DARRELL TERRY: The Greenhouse. This came up when we looked around our immediate primary service area — and even our secondary service area — and saw there was no real access to fruits and vegetables in our community.  There are a lot of bodegas and other places that don’t really focus on healthy food alternatives. I actually was born at this hospital in Newark, and I remember being a young child with my mom, who had four boys, and we would literally have to get on a bus and leave our community to go get fresh fruits or vegetables. We really wanted to make it easier for people to eat well. It was not just enough for us to say, ‘You should eat this,’ or ‘This is the right thing.’ If they did not have access to it or could not afford it, then we’d just be talking and not actually creating real opportunity for our community to have access to fresh fruits and vegetables. 

So first we created a Farmers Market, and then we actually went full tilt to create the Greenhouse. It’s a beautiful structure. We grow the fresh fruits and vegetables. It’s hydroponic. We have a weekly Farmers Market in our lobby where we’re selling this food at cost. We are not trying to make any money off of it whatsoever. We just want to create the access for our community. And it’s been very successful and a great partnership with our community. 

It’s the 10th year of our Farmers Market. We started with a small plot of land across the street from the hospital, and it has evolved into our hydroponic Greenhouse. We donate a bunch of food that we do not sell to our community food bank. 

It’s not just about the access to healthy food. It’s about learning and providing education. Our behavioral health program interacts with our Greenhouse in a significant way.  Kids come from different schools so they can learn about the whole process. You break cycles when you teach kids, and kids go back and they teach their parents. It’s just been a really good opportunity for us to interact with our community in a fun educational and meaningful way.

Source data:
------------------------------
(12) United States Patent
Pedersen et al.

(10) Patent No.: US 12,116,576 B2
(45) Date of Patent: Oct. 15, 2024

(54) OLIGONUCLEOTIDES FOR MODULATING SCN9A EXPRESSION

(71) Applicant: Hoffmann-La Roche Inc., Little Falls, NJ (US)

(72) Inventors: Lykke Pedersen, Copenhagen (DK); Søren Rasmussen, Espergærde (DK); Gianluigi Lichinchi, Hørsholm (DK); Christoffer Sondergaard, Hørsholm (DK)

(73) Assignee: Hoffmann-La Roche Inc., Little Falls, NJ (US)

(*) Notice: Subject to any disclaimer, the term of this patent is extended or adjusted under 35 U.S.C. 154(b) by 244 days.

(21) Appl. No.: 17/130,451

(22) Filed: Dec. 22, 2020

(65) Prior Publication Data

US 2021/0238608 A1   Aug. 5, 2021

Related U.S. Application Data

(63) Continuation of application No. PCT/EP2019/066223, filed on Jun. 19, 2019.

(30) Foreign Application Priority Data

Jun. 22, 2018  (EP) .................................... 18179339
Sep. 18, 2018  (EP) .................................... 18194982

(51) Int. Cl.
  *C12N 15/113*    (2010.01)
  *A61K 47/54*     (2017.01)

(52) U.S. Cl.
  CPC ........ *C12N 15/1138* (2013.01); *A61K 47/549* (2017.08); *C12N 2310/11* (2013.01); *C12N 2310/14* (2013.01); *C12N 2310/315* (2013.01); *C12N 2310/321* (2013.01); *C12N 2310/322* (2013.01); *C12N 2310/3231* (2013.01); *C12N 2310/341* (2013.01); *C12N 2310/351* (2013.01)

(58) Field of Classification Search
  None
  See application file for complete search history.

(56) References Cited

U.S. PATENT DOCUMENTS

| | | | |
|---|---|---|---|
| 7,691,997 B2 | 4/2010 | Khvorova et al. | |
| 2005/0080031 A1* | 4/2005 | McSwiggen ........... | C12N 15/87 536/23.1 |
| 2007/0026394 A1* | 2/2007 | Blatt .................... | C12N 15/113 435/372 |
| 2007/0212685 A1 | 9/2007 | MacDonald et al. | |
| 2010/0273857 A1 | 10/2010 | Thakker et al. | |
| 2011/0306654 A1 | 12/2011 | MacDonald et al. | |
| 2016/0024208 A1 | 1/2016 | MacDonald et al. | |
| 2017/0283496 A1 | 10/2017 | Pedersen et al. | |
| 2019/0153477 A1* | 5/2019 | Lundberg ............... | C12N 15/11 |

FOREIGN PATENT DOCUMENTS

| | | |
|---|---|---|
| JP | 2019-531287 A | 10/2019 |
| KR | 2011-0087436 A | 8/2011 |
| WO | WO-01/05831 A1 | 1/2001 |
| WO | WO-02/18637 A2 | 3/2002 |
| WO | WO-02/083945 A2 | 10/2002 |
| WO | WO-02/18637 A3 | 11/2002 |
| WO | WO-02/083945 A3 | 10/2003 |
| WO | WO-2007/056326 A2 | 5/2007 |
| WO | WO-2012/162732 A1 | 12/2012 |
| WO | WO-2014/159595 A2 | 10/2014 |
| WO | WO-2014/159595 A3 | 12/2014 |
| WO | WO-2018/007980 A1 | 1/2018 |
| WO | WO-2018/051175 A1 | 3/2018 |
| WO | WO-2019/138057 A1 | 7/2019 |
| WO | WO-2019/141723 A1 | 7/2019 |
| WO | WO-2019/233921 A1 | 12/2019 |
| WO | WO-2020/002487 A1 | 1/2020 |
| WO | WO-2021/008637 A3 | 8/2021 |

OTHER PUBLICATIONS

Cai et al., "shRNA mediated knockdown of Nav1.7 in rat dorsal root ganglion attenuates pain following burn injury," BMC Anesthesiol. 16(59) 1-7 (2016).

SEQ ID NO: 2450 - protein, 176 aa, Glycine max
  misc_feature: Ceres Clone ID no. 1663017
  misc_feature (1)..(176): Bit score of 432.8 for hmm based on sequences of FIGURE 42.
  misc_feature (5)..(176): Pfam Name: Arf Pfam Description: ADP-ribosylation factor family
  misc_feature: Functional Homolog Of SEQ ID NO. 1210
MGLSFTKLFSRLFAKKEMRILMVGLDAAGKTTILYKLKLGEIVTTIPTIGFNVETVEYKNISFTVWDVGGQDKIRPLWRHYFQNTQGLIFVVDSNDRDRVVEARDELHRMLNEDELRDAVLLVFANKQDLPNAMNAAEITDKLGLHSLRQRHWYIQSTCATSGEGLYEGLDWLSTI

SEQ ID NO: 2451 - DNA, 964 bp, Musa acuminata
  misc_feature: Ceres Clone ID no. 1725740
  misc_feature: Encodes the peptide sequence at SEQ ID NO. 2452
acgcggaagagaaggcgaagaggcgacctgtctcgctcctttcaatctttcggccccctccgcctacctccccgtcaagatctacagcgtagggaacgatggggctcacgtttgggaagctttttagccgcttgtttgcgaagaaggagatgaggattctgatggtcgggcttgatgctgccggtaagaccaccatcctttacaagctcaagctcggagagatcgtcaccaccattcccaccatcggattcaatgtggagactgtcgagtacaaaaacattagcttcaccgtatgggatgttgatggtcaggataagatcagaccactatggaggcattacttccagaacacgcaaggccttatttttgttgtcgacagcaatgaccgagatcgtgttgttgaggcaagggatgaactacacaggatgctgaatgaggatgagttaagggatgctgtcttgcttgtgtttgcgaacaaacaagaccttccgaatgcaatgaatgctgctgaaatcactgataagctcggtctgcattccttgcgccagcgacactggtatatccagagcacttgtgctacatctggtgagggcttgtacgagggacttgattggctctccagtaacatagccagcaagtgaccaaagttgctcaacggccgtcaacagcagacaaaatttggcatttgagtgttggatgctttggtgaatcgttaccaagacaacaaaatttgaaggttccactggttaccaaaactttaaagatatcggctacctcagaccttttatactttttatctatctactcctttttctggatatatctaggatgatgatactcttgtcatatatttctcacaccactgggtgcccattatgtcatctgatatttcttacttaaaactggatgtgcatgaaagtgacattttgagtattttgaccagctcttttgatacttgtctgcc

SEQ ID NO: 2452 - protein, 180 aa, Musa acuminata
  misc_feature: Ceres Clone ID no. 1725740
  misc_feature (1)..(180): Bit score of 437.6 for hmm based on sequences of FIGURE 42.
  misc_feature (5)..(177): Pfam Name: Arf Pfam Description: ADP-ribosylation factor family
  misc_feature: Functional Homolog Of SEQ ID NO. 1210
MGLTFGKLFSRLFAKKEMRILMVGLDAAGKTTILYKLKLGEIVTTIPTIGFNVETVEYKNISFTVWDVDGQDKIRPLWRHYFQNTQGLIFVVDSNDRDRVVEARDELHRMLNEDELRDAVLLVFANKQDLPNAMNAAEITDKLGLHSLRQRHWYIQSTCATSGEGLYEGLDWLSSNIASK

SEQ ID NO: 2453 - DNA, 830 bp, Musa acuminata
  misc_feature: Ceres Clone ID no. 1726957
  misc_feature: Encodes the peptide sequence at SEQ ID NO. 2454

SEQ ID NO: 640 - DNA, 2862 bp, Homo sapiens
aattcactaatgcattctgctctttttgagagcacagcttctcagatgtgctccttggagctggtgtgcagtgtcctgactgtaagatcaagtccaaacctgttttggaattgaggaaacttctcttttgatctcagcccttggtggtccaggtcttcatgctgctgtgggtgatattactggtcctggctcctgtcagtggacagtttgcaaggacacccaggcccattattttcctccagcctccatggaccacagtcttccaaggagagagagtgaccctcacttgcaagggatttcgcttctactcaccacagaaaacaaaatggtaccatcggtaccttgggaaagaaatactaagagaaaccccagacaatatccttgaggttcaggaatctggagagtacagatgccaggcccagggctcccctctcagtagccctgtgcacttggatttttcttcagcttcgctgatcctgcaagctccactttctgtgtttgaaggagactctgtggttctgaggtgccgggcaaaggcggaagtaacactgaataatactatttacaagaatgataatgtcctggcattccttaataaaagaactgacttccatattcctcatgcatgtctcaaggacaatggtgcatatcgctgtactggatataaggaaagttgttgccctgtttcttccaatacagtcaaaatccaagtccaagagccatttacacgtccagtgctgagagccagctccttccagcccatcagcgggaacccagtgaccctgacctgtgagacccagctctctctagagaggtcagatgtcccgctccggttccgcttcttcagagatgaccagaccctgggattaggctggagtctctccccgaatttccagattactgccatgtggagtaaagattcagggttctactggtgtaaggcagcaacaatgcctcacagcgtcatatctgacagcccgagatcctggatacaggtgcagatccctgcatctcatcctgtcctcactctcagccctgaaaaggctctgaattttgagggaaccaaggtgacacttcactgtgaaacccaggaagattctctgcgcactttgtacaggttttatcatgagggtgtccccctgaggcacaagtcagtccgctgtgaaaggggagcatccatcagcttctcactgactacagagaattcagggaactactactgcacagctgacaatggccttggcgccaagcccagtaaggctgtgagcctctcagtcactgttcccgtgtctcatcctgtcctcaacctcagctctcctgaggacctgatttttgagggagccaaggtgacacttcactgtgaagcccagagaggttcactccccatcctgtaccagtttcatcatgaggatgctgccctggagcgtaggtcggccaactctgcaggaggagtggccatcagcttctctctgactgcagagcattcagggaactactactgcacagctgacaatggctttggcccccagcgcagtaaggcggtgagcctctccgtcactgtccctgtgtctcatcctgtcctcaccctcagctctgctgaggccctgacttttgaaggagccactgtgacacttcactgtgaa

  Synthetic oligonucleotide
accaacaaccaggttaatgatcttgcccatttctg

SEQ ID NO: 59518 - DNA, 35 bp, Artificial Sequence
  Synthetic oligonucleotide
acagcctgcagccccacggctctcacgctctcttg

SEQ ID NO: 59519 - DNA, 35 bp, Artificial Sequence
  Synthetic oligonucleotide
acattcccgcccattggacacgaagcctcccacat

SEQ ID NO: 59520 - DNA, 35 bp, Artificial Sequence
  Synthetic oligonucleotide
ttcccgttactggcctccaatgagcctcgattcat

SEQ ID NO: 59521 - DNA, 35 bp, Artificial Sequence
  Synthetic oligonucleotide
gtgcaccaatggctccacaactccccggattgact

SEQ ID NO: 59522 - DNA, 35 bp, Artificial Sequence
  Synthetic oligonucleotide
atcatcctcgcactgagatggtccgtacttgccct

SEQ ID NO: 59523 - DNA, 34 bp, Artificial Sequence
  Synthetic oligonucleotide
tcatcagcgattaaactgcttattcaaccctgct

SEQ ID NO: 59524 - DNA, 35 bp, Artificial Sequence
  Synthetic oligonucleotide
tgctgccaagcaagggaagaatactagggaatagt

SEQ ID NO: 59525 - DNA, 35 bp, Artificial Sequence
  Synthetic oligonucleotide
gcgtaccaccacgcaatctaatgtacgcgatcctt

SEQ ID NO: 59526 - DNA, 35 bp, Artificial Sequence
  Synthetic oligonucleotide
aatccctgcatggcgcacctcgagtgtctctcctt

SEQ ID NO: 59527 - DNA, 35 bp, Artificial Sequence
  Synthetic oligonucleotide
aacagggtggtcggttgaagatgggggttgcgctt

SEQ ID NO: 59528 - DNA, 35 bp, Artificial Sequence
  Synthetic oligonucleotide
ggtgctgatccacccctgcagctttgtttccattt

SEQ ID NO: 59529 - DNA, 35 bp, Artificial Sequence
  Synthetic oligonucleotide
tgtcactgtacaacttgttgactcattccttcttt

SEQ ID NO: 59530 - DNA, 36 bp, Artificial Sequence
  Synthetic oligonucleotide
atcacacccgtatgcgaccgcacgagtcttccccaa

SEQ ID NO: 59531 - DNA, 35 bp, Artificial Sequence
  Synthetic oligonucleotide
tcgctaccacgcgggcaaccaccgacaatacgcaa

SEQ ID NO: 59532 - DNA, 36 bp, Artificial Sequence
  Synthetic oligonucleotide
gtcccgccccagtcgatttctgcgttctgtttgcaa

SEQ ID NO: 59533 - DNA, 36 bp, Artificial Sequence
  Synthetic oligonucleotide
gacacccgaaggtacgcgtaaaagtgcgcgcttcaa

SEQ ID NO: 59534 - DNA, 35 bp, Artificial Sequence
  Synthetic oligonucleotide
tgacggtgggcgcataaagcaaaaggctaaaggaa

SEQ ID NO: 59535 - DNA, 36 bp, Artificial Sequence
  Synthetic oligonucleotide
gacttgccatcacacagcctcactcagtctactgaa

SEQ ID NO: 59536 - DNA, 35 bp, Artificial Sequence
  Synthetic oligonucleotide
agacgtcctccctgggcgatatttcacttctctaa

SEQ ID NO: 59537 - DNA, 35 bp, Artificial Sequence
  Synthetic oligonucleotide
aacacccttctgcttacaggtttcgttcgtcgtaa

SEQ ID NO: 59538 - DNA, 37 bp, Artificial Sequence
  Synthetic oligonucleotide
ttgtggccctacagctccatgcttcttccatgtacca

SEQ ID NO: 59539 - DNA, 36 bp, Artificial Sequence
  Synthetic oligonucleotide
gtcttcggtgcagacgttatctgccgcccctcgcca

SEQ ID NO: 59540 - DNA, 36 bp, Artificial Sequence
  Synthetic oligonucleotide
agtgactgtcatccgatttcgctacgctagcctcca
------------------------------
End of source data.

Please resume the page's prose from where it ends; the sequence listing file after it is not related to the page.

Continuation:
Career Ladders with employees

The Career Ladders program is a more recent offshoot, the next step in from our Hire Newark initiative. So it’s not enough for us to get entry level employees into our building. It’s really about creating career opportunities for them, with a livable wage. We wanted to make sure that they had pathways to the next level. We created a bunch of programs: a pharmacy tech program, nursing assistant program, a nurse internship, and others. In addition to providing tuition reimbursement, we created some of the technical positions in-house to teach them right here at our facility.  We open these pathways up to our entry level employees so that they can then take their skills to the next level.

Youth Workforce Development summer internships

When I was a kid, I didn’t know anything.  You think about doctors and nurses when you think about a hospital, but there are so many different positions that pay well, and are great careers. A radiology tech, PT, perfusionists, most people don’t know about those different specialties that really impact patient care and make a real difference in the communities that we serve. Youth Workforce Development introduces our younger kids to all the different opportunities that exist within a hospital. We expose them to different areas, we send them around. They’re very helpful to us, and at the same time we’re teaching them about different opportunities that they would not necessarily have been able to know about.

Local prioritization in hiring, purchasing, and investment practices

And this next one has been really phenomenal, our local prioritization in hiring, purchasing, and investment. We are in the midst of $150 million construction project at Newark Beth Israel. We’re looking at how we spend that money, and how our community benefits from this. Take the construction standpoint — from contractors to even people who serve food to the people who will be working on this project. We’re looking to make sure that every time we spend $1, that our community actually benefits from it. 

Every aspect of a project can also benefit our community. One of the cool things that we did here was a “wayfinding” opportunity at the Beth. We invited kids in from a local arts high school so that they can understand that signage is actually a business, a great business opportunity. People don’t know that. When I was young I never thought signage was a thing, but it is a career, a lucrative career. We brought them in and made them part of the process of the logistics of the Wayfinding program. They provided an enormous benefit to this project, and at the same time, were introduced to a whole new profession. So we’re always thinking about the kids in our community, the businesses in our community. We believe we can make the community healthier as a result of that kind of focus.